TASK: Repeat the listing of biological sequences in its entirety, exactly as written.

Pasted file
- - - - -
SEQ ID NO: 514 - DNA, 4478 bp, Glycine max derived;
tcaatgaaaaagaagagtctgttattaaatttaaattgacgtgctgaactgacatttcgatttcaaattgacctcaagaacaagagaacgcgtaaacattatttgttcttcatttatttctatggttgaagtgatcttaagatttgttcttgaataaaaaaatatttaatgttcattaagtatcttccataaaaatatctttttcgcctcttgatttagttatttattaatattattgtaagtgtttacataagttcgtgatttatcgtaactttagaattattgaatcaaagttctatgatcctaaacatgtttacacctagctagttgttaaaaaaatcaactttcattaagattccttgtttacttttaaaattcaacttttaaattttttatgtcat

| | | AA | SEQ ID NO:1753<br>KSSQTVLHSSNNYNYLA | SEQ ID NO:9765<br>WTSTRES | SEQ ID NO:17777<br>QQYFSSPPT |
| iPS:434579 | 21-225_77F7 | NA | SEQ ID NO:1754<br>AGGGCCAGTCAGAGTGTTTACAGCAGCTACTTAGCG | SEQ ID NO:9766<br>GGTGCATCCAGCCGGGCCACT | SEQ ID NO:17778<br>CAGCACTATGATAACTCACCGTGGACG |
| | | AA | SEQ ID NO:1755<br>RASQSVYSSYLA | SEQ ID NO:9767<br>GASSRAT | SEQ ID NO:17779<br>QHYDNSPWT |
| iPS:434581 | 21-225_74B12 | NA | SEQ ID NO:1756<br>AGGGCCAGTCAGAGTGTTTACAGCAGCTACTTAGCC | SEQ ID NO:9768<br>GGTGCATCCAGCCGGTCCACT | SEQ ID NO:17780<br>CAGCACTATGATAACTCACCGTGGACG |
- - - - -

SEQ ID NO: 514 - DNA, 4478 bp, Glycine max derived;
tcaatgaaaaagaagagtctgttattaaatttaaattgacgtgctgaactgacatttcgatttcaaattgacctcaagaacaagagaacgcgtaaacattatttgttcttcatttatttctatggttgaagtgatcttaagatttgttcttgaataaaaaaatatttaatgttcattaagtatcttccataaaaatatctttttcgcctcttgatttagttatttattaatattattgtaagtgtttacataagttcgtgatttatcgtaactttagaattattgaatcaaagttctatgatcctaaacatgtttacacctagctagttgttaaaaaaatcaactttcattaagattccttgtttacttttaaaattcaacttttaaattttttatgtcat

| | | AA | SEQ ID NO:1753<br>KSSQTVLHSSNNYNYLA | SEQ ID NO:9765<br>WTSTRES | SEQ ID NO:17777<br>QQYFSSPPT |
| iPS:434579 | 21-225_77F7 | NA | SEQ ID NO:1754<br>AGGGCCAGTCAGAGTGTTTACAGCAGCTACTTAGCG | SEQ ID NO:9766<br>GGTGCATCCAGCCGGGCCACT | SEQ ID NO:17778<br>CAGCACTATGATAACTCACCGTGGACG |
| | | AA | SEQ ID NO:1755<br>RASQSVYSSYLA | SEQ ID NO:9767<br>GASSRAT | SEQ ID NO:17779<br>QHYDNSPWT |
| iPS:434581 | 21-225_74B12 | NA | SEQ ID NO:1756<br>AGGGCCAGTCAGAGTGTTTACAGCAGCTACTTAGCC | SEQ ID NO:9768<br>GGTGCATCCAGCCGGTCCACT | SEQ ID NO:17780<br>CAGCACTATGATAACTCACCGTGGACG |